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Post-Soviet 'frozen conflicts' heat up as big-power interests collide

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Peering over the half-mile-long bridge that separates Abkhazia from the Georgian town of Zugdidi, Ruslan, a burly Abkhaz border guard, says he helped to drive the fleeing Georgian Army across that bridge 15 years ago and expects to see them – now trained and equipped by the US – attempt a return any day now. "We will never agree to be part of Georgia again," he says. "I intend to live as an Abkhazian in a free country, and I'll fight for as long as it takes."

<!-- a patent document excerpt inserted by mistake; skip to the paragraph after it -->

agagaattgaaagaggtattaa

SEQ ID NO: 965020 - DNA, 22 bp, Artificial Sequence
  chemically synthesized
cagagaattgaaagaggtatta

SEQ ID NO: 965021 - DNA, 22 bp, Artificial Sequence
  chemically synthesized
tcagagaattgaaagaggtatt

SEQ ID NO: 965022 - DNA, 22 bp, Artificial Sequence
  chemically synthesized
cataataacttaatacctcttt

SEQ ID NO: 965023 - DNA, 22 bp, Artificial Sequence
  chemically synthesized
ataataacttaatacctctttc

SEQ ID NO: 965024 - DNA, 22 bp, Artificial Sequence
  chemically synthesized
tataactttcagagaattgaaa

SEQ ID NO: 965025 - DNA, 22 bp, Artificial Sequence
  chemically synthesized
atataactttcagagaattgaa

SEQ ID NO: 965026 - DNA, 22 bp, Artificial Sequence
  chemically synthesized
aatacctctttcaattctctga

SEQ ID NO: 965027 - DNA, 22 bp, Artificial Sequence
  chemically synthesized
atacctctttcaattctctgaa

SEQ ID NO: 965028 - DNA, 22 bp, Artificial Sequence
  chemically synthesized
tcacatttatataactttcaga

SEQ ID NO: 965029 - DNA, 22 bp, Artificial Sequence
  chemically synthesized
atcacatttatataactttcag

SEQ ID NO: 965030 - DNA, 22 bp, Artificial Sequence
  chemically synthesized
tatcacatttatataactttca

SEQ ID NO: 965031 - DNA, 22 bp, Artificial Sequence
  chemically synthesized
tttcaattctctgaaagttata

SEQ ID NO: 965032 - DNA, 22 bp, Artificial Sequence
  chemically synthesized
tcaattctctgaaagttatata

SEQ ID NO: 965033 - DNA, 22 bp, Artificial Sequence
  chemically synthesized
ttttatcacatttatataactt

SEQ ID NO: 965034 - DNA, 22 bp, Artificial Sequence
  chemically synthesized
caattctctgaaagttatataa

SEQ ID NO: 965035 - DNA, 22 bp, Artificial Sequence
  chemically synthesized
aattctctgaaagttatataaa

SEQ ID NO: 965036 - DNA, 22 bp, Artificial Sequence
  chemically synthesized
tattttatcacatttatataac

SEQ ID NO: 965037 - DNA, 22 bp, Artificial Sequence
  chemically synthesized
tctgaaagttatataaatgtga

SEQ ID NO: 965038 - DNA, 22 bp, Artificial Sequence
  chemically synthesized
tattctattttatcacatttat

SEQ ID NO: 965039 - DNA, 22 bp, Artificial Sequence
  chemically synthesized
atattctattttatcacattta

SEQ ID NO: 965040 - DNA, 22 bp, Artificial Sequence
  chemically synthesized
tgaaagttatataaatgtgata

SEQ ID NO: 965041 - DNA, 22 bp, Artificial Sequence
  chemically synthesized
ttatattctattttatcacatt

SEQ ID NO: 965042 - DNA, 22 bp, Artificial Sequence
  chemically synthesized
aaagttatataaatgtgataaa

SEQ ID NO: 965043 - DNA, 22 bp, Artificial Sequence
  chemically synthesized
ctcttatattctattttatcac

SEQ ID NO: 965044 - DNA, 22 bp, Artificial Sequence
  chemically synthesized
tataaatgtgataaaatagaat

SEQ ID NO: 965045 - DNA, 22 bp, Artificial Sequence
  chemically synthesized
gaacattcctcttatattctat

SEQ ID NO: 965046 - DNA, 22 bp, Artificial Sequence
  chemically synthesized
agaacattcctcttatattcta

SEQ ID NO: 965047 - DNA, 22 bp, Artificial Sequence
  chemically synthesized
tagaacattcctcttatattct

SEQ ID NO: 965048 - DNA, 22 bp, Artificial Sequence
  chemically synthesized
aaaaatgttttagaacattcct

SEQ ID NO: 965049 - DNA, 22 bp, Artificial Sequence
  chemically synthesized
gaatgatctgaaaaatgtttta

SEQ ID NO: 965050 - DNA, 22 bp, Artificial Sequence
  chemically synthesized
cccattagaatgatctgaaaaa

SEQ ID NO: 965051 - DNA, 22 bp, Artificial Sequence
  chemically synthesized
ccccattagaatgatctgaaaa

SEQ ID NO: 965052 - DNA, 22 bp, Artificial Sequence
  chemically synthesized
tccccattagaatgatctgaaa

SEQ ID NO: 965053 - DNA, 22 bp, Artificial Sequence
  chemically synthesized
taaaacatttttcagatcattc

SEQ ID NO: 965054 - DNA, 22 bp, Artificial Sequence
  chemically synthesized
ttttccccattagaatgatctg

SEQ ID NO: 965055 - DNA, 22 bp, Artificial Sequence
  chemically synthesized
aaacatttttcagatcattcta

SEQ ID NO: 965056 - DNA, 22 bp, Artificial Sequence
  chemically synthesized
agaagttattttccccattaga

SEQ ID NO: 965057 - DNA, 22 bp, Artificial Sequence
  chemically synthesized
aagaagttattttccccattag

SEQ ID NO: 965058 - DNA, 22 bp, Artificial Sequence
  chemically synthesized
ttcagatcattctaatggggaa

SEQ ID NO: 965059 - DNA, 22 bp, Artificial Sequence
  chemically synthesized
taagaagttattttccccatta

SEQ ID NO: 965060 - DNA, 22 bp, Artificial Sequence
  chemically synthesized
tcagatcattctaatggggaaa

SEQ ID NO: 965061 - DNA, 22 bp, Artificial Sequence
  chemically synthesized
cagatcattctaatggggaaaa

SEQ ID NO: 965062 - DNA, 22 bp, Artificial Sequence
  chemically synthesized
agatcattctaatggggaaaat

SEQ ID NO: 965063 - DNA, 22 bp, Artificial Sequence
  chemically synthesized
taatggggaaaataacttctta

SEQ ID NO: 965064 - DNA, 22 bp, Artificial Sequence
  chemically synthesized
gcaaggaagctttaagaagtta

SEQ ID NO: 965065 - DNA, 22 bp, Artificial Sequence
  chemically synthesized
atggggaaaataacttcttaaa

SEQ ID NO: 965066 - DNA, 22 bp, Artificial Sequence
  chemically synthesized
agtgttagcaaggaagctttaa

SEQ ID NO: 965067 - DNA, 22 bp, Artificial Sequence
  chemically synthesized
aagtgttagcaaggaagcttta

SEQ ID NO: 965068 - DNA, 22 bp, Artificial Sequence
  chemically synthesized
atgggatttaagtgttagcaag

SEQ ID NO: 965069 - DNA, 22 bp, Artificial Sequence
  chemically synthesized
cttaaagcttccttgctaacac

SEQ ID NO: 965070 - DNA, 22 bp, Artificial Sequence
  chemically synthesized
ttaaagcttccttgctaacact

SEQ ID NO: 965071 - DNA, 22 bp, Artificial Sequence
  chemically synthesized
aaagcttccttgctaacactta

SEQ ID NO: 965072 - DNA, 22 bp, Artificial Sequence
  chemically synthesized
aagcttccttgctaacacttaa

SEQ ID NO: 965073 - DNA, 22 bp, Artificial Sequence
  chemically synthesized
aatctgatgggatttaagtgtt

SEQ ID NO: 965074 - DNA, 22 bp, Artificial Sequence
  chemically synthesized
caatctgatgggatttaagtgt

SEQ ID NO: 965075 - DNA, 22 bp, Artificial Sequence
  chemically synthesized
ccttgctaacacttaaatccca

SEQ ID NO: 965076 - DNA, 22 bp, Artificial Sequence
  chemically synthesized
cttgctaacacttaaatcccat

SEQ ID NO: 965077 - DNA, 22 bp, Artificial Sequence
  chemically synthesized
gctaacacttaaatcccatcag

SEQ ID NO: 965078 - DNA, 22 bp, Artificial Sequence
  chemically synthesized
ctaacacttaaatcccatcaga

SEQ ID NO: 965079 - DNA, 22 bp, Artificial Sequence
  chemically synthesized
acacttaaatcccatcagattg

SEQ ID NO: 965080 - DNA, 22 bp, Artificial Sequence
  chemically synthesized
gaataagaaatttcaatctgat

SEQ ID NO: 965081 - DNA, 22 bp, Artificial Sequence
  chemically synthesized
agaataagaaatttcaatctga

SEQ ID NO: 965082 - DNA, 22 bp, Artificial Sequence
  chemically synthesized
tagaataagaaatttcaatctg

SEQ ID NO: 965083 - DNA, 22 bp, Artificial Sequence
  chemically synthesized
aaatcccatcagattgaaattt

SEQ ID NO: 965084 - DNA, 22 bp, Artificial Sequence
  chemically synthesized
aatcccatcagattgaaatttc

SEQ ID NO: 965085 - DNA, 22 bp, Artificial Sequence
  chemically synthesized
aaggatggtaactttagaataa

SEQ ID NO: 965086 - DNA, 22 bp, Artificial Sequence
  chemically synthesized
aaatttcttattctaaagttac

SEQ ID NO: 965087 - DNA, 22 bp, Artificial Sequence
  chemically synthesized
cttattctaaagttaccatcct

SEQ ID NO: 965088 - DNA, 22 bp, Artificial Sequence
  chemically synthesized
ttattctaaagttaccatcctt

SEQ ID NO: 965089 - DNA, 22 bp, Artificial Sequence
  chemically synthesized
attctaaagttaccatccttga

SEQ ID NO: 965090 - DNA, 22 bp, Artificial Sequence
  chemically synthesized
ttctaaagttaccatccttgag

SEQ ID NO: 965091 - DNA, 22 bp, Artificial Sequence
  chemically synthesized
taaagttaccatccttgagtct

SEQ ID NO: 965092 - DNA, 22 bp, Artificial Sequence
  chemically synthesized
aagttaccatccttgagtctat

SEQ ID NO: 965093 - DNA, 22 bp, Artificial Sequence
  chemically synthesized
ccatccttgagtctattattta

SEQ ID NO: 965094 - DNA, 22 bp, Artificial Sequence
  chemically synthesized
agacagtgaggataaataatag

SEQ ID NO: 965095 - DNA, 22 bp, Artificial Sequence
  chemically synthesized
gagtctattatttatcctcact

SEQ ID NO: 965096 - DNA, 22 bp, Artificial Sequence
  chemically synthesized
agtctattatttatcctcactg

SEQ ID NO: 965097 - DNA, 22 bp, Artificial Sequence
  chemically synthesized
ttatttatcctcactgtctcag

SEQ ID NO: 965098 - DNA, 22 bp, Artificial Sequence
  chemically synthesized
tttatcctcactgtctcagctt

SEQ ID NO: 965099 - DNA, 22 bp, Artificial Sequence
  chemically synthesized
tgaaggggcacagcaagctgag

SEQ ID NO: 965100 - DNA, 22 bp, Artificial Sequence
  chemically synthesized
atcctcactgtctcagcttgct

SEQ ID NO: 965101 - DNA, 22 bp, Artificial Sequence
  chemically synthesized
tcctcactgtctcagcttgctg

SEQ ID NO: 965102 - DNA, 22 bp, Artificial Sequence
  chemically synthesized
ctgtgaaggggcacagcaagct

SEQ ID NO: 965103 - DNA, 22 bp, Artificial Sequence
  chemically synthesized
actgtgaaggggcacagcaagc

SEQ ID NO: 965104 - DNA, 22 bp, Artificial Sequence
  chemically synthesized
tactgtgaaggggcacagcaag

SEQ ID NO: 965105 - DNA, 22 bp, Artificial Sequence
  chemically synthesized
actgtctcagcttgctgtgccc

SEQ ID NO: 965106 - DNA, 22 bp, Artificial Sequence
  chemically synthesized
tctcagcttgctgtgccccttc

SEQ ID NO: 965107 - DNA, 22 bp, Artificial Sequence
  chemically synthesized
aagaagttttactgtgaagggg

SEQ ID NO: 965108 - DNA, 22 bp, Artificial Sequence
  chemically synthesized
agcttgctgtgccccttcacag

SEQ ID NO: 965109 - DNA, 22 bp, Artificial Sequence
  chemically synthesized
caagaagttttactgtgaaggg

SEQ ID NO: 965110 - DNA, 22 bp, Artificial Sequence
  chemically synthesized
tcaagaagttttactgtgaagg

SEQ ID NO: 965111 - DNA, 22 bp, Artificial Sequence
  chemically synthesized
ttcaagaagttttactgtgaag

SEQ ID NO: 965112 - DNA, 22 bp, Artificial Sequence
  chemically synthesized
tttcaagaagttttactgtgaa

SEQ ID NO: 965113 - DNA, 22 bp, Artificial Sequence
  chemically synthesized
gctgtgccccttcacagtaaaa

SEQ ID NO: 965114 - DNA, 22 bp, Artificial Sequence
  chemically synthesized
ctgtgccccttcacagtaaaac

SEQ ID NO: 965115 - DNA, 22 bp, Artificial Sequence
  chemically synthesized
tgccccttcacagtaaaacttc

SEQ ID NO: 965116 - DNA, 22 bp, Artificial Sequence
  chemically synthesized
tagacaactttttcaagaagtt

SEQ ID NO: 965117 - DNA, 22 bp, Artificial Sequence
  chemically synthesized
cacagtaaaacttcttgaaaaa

Most of the world breathed a sigh of relief when the USSR's collapse did not bring vast Yugoslavia-like upheavals, and cheerful scenarios seemed to be borne out when the former Soviet Baltic states of Estonia, Latvia, and Lithuania joined the European Union and the NATO alliance in 2004.

Little-noticed wars

Amid the hopeful 1990s, few people noticed the savage wars of secession that rocked the Caucasus region, leading to the emergence of fiercely pro-Moscow statelets like Abkhazia, South Ossetia, and the Armenian enclave of Nagorno Karabakh in Azerbaijan.

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